Friday, August 29, 2008

Crisis Resolution

(Btw, this is post 401 on AnTyx. In three years...)

I hate to say "I told you so", but I've mentioned on multiple occasions that in all the time since the restoration of independence, no Estonian government has ever served a full term, from one election to the next. The current cabinet may have come together around a PM with a massive vote of confidence, but that didn't exactly last - and now the coalition is creaking at the seams, again.

The bone of contention is tax reform. The ruling party has accumulated a lot of goodwill with their tax reduction policy: over several years, personal income tax would drop from 26% to 18%. At the same time, the tax-free minimum would keep growing (this is the base earnings amount per month that does not incur any income tax at all). The upshot is that everybody in Estonia would get more money in their pockets in January than they did in December, without begging their employer for a raise. The electorate has really appreciated it, and the Reform Party has been a member of every coalition in memory.

Of course, we're now in the middle of an economic crisis. The upshot for the government is that they are not getting as much tax as they planned to, and the budget falls short. Which it absolutely cannot do: by law, the government is not allowed to have a budget deficit. The shortfall in the 2008 tax revenue has prompted budget cuts in various branches of government, some layoffs, and a lot of shit-slinging between ministries controlled by different coalition parties.

Now the government is preparing the 2009 budget, which it has to submit to the parliament for approval by the end of September. While the Bank of Estonia says we're past the worst of it and the economy will start to bounce back next year, it still won't be a return to happy days, and the government needs to figure out a way to cut spending, or increase revenue, or (preferably) both.

And so the coalition's second-biggest party, the right-wing IRL, is pushing the PM to freeze the tax cuts. Leaving the income tax rates at this year's levels is supposed to bring in an extra 2,5 billion kroons over the original calculations.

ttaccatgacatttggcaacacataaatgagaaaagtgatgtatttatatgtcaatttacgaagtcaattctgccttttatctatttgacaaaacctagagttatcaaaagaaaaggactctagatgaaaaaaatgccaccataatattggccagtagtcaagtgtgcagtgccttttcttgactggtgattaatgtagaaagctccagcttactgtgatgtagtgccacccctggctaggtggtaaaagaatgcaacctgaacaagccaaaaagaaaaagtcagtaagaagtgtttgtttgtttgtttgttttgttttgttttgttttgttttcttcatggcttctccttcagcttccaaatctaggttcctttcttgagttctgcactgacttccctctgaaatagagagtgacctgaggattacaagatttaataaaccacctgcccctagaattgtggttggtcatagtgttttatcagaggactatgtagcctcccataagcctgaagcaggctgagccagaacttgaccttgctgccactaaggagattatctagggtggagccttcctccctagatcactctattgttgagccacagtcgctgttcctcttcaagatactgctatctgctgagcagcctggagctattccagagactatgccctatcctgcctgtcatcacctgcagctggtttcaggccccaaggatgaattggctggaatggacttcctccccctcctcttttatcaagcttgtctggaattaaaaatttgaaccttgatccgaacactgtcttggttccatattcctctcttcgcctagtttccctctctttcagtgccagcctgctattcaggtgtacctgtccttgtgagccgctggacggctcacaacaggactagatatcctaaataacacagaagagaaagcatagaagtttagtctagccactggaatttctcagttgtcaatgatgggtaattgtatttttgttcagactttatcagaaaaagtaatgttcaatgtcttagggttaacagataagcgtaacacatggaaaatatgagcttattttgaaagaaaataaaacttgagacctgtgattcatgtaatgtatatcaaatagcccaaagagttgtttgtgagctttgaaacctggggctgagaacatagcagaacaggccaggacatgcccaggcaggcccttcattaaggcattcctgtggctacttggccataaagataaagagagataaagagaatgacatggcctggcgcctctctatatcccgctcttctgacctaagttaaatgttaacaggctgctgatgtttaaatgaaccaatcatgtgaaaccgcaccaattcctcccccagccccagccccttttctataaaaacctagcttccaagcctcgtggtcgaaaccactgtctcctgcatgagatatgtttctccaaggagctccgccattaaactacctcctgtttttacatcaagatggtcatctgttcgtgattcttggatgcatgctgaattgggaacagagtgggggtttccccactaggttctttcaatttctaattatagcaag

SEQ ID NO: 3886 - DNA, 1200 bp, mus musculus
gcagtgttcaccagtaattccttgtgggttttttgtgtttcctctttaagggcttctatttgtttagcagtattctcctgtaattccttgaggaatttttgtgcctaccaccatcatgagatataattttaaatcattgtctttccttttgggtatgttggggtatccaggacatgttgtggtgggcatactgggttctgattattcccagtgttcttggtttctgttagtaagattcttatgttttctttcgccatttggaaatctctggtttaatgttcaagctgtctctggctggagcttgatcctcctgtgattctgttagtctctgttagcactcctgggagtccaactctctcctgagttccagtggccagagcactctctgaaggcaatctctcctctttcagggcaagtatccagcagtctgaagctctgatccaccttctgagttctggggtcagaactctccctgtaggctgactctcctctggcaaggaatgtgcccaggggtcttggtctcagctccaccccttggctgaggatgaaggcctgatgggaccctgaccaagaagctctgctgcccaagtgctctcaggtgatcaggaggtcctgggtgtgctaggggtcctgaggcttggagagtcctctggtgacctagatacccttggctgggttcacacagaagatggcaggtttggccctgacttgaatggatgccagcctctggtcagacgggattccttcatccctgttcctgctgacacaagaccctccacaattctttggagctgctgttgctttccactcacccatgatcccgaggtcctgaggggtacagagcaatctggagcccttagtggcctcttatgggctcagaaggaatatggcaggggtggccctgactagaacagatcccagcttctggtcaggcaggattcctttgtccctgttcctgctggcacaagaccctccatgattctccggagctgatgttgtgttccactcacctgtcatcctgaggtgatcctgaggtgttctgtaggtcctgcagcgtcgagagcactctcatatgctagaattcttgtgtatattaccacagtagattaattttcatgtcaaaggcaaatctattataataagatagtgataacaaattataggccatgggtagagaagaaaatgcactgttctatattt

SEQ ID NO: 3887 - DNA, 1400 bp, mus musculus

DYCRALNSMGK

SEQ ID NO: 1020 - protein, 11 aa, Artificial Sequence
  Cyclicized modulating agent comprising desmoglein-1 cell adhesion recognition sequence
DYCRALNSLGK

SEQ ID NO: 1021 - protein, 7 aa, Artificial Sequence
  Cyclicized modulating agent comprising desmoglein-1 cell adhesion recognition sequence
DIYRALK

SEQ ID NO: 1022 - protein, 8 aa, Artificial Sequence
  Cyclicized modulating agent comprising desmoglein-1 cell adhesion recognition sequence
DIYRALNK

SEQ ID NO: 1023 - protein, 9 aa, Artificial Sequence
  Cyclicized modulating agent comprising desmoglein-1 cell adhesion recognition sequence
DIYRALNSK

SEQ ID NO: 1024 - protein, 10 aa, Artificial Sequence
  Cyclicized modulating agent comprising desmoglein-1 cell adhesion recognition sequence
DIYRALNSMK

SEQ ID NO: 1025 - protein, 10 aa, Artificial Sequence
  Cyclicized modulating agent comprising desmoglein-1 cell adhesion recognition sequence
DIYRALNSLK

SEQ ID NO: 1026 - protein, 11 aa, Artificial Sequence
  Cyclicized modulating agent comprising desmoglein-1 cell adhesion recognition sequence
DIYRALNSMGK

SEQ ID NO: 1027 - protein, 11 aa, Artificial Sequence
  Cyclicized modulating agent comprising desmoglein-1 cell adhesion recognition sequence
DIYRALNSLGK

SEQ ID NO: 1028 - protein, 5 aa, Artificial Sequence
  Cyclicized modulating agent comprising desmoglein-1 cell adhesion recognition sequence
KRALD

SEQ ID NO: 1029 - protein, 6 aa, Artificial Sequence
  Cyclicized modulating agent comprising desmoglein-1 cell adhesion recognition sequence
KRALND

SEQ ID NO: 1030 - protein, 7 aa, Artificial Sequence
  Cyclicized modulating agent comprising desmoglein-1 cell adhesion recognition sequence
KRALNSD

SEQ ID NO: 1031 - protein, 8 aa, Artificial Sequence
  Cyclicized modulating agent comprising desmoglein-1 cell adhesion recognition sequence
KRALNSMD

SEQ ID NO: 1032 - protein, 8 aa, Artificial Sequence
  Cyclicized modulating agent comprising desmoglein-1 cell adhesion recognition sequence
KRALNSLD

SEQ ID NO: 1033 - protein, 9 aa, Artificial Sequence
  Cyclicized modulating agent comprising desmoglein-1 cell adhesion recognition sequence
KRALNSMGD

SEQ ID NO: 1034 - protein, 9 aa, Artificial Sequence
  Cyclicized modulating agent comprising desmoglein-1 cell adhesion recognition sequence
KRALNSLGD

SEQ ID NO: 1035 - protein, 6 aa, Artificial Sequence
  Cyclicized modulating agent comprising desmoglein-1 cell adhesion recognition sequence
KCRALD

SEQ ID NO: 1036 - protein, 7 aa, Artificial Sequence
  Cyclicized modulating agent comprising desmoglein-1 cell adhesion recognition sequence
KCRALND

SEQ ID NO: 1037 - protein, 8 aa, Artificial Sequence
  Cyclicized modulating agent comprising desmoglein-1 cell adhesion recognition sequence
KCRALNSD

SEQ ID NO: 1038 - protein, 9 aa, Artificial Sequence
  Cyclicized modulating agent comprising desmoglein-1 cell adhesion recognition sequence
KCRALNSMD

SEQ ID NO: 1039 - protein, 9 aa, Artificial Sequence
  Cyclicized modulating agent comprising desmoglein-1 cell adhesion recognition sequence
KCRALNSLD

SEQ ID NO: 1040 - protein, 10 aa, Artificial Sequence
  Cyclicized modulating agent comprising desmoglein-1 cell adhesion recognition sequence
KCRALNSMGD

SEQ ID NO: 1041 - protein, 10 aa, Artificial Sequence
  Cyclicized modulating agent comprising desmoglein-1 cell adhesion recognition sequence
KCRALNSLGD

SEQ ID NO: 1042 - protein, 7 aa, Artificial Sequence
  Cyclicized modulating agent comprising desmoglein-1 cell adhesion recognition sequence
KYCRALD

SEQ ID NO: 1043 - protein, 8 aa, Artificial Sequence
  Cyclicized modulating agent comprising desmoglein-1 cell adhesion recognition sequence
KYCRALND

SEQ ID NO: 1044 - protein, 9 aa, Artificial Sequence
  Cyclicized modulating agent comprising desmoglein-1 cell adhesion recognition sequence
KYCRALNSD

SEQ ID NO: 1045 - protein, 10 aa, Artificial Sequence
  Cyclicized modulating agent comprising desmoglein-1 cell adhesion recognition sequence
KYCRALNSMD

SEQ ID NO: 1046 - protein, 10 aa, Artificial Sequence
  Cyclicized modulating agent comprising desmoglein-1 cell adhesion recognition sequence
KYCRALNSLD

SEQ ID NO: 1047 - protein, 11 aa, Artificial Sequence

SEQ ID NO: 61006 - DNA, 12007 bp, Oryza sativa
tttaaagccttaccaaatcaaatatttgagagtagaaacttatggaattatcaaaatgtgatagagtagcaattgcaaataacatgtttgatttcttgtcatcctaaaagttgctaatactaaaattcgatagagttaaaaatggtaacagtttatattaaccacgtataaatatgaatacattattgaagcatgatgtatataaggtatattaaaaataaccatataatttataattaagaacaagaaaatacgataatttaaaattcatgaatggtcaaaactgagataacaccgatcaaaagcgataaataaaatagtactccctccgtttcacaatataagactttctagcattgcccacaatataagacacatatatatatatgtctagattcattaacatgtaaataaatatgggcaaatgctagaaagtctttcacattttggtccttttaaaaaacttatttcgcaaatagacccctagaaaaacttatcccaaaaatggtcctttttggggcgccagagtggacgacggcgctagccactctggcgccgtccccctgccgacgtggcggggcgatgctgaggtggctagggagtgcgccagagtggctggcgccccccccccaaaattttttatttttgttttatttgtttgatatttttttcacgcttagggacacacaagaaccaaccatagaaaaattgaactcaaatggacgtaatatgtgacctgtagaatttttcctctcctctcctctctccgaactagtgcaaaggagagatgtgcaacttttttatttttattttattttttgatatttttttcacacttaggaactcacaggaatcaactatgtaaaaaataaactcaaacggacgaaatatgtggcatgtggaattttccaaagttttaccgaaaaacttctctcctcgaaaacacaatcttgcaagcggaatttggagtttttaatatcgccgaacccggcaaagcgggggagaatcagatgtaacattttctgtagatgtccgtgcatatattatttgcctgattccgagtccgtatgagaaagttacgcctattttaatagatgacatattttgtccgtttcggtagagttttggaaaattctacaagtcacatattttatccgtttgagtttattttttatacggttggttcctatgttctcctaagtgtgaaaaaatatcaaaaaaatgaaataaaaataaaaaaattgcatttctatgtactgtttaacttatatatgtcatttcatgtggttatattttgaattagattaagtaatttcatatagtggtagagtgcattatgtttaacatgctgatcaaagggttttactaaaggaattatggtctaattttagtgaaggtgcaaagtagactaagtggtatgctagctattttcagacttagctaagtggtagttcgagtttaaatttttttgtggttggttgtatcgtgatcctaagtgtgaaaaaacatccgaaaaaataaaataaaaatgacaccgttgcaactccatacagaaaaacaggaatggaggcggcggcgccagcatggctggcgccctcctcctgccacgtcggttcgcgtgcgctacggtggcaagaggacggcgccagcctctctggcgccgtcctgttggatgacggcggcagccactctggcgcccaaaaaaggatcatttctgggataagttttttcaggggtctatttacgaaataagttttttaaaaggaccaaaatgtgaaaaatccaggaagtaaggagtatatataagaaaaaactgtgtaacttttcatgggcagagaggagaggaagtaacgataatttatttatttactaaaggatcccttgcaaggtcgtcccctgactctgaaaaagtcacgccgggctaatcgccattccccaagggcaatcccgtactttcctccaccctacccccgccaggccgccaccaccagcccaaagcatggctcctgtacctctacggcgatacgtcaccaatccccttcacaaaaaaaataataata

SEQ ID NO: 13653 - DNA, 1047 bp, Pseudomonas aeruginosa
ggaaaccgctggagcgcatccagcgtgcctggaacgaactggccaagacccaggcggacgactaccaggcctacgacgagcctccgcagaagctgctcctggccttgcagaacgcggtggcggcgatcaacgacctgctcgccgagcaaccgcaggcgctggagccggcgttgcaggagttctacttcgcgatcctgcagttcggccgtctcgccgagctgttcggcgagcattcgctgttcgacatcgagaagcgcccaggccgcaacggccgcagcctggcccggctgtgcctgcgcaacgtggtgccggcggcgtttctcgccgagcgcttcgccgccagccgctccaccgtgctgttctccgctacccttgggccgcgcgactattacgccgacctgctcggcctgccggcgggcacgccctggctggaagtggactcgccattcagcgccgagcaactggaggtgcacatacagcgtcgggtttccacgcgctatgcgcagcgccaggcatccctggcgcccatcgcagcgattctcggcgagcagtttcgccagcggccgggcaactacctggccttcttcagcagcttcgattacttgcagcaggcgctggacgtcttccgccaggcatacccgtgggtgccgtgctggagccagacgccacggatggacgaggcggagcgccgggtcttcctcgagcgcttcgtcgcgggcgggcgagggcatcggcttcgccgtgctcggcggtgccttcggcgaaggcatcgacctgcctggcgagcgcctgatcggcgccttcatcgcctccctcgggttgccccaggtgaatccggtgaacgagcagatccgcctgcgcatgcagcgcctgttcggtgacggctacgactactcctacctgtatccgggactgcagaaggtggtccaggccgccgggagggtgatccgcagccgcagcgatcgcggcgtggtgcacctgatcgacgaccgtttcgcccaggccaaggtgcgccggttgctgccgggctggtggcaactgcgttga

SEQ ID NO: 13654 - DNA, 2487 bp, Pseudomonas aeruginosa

At first the Prime Minister was against the idea - naturally; but now it seems as if he is coming around. Ansip has tried to strong-arm the coalition before, and it has never worked out well for him. He kept Mart Laar out of the Foreign Minister's chair because Laar had more popular approval than the PM - and bore the blame of the April riots, leaving Laar in the wings and blameless. He tried to push through some suspect legislation to the benefit of a particular company - and the rest of the coalition promptly supported a rival's unpopular bill to restrict the sales of alcohol. This is a representative democracy at work: with a true multiparty system, even the big dog can't afford to get too arrogant.

So now Ansip is talking about maybe stopping further tax cuts. But is it a good move?

Estonia's economic miracle is largely attributed to two things: a balanced budget, and the lack of any corporate taxes. The former is now under threat. The latter has been a subject of much discussion for the last couple of years, not least because the other EU states are a bit miffed: it's a strong disbalance in the common market, giving Estonia a competitive advantage that the other member states will struggle to match. The government has had to fight hard against EU officials to retain the no-corporate-tax rule. An odd case of the government actually making a proper effort to not get more money.